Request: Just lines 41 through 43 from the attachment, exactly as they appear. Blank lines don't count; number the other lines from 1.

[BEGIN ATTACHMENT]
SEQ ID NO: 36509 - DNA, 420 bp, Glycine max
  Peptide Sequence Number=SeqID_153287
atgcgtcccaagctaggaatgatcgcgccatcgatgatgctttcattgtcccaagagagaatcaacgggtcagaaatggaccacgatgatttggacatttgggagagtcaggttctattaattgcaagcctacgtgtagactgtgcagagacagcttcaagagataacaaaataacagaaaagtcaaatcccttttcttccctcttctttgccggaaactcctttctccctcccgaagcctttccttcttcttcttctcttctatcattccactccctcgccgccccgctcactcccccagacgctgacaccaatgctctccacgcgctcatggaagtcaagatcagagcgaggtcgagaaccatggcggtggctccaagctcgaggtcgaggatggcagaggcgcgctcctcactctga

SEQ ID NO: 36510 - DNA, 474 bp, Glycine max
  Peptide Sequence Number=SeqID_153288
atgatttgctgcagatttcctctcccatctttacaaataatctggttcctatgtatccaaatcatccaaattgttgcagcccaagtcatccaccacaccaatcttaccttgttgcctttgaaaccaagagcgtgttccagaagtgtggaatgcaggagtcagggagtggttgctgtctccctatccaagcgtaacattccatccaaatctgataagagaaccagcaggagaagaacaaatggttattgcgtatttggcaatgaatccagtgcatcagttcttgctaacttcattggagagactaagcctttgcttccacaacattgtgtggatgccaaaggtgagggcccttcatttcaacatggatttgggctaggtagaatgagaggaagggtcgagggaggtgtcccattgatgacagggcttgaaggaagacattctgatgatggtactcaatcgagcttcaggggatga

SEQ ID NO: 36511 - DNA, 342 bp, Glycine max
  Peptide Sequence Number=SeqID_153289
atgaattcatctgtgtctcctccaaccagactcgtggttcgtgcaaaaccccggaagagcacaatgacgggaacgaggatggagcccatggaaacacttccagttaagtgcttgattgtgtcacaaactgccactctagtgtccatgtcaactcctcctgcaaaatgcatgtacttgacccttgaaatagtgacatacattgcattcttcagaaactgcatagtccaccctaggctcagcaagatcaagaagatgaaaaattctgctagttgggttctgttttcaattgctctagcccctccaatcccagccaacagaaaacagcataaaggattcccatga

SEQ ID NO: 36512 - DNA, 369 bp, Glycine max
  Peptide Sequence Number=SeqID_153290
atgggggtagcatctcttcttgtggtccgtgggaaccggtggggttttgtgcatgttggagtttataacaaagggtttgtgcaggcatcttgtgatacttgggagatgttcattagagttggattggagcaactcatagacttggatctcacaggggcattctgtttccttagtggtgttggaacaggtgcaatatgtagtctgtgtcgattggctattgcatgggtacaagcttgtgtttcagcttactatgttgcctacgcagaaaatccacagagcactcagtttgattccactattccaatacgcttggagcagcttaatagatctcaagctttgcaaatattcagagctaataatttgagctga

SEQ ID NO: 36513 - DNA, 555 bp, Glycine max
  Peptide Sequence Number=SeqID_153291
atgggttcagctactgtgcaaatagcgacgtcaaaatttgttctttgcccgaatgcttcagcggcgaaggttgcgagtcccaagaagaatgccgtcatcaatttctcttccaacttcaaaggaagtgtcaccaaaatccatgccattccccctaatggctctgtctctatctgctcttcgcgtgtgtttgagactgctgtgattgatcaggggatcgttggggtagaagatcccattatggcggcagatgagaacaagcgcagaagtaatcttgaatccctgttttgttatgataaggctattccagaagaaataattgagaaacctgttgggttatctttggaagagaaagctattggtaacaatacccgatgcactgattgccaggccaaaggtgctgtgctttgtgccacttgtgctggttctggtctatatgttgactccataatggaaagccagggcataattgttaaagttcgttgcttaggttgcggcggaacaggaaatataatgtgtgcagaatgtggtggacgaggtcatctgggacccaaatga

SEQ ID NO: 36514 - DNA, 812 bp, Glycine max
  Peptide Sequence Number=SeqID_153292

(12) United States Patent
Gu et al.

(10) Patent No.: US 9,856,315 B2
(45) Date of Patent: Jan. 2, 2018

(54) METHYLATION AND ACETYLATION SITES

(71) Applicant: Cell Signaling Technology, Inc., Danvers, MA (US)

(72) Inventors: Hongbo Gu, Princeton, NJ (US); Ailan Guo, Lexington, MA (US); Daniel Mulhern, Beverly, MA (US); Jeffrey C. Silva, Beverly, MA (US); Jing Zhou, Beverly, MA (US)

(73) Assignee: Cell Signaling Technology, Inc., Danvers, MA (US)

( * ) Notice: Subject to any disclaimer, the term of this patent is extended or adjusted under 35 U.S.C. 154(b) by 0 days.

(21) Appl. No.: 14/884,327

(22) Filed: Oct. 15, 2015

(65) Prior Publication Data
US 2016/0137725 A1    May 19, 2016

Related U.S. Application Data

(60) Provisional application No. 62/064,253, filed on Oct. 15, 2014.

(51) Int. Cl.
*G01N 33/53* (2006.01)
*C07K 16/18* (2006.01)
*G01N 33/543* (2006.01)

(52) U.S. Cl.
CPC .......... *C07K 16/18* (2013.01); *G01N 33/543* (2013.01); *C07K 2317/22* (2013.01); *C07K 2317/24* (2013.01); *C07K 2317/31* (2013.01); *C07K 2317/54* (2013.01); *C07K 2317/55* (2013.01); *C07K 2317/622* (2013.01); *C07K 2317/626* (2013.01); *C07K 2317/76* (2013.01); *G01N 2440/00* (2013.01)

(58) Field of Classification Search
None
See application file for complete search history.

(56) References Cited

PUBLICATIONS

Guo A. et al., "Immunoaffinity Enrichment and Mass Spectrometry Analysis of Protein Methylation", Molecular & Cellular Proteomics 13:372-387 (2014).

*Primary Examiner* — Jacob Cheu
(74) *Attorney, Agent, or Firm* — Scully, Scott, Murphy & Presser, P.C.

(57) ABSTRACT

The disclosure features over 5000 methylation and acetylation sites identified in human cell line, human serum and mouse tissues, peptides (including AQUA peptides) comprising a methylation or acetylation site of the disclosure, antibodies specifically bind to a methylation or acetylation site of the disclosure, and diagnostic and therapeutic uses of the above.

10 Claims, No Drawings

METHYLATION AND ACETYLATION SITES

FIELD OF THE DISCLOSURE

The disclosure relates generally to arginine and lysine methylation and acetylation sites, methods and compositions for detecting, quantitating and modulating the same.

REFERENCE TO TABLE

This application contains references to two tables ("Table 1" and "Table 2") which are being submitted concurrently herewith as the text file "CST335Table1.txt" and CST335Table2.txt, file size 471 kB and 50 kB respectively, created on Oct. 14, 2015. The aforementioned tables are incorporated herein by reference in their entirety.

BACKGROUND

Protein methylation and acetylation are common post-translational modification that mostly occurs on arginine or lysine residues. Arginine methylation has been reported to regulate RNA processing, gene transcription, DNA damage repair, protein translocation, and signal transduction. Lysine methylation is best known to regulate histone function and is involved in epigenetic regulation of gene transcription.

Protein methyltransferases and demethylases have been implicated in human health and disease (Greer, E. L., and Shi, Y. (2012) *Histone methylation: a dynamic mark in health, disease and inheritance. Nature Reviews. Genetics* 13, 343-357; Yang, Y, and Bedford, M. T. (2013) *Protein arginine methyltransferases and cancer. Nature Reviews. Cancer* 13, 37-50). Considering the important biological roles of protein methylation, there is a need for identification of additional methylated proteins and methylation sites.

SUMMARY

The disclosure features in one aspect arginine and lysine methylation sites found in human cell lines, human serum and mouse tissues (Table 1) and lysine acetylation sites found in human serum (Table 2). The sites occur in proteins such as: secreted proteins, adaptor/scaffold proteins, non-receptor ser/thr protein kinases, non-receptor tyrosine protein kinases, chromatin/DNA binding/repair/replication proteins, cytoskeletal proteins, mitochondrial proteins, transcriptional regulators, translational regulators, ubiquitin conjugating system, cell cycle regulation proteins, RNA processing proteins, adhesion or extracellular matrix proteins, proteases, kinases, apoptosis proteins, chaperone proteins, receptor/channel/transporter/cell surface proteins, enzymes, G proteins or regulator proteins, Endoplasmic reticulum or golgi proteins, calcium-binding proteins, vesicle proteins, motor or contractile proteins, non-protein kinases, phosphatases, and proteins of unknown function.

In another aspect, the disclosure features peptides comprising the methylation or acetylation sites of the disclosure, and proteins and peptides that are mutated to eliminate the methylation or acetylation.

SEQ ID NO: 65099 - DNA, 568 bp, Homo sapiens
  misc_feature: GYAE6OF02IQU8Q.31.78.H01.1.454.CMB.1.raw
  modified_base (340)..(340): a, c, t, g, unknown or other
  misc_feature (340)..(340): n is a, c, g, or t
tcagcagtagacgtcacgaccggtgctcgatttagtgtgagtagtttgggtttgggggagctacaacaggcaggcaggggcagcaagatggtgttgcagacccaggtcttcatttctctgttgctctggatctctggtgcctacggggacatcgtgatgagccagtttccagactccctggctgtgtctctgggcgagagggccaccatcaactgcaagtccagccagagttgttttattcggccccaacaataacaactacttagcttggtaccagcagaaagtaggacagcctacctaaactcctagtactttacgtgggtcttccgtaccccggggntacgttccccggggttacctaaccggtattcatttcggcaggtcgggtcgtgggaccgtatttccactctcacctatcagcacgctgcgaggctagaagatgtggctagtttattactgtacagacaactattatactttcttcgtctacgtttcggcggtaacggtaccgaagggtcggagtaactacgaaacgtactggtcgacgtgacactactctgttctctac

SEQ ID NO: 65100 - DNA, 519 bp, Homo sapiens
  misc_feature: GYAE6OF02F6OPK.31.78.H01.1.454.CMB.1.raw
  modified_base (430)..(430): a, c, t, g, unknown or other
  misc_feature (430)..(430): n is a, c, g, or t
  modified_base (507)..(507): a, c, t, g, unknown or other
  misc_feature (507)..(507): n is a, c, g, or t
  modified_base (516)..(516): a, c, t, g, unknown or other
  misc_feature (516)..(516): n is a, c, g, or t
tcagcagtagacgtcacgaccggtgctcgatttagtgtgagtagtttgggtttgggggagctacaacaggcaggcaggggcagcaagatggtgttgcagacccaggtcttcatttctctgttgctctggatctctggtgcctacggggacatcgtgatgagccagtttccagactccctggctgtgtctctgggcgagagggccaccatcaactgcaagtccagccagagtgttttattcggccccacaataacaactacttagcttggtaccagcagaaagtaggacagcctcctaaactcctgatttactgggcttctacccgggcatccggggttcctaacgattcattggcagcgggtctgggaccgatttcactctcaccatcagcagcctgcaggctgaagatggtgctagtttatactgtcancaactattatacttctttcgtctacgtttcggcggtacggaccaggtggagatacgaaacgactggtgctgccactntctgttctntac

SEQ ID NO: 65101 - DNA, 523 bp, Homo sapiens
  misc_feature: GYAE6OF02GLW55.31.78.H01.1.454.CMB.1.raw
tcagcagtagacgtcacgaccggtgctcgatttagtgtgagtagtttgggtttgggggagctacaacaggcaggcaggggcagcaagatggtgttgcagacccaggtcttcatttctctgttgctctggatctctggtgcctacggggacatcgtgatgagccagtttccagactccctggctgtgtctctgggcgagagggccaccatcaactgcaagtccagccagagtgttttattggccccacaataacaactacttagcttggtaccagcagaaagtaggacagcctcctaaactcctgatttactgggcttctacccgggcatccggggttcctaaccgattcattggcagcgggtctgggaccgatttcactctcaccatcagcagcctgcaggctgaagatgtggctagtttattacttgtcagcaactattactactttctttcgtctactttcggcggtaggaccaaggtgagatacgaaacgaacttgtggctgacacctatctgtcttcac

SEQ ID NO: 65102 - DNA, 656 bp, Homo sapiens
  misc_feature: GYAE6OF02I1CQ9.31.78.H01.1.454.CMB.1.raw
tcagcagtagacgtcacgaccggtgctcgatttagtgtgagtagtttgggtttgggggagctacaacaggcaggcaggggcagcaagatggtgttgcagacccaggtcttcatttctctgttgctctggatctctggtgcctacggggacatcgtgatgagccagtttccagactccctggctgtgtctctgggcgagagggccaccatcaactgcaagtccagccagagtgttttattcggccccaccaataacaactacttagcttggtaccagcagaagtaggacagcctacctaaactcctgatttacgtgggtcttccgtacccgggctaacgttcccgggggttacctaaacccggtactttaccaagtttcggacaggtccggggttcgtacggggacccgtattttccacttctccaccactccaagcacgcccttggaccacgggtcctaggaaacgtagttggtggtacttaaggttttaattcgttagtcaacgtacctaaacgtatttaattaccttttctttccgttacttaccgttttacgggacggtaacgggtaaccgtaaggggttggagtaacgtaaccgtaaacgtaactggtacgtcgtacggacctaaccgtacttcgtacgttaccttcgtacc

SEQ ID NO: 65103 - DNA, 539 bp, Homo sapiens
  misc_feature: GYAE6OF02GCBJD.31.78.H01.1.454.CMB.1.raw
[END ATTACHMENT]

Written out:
See application file for complete search history.

(56) References Cited

PUBLICATIONS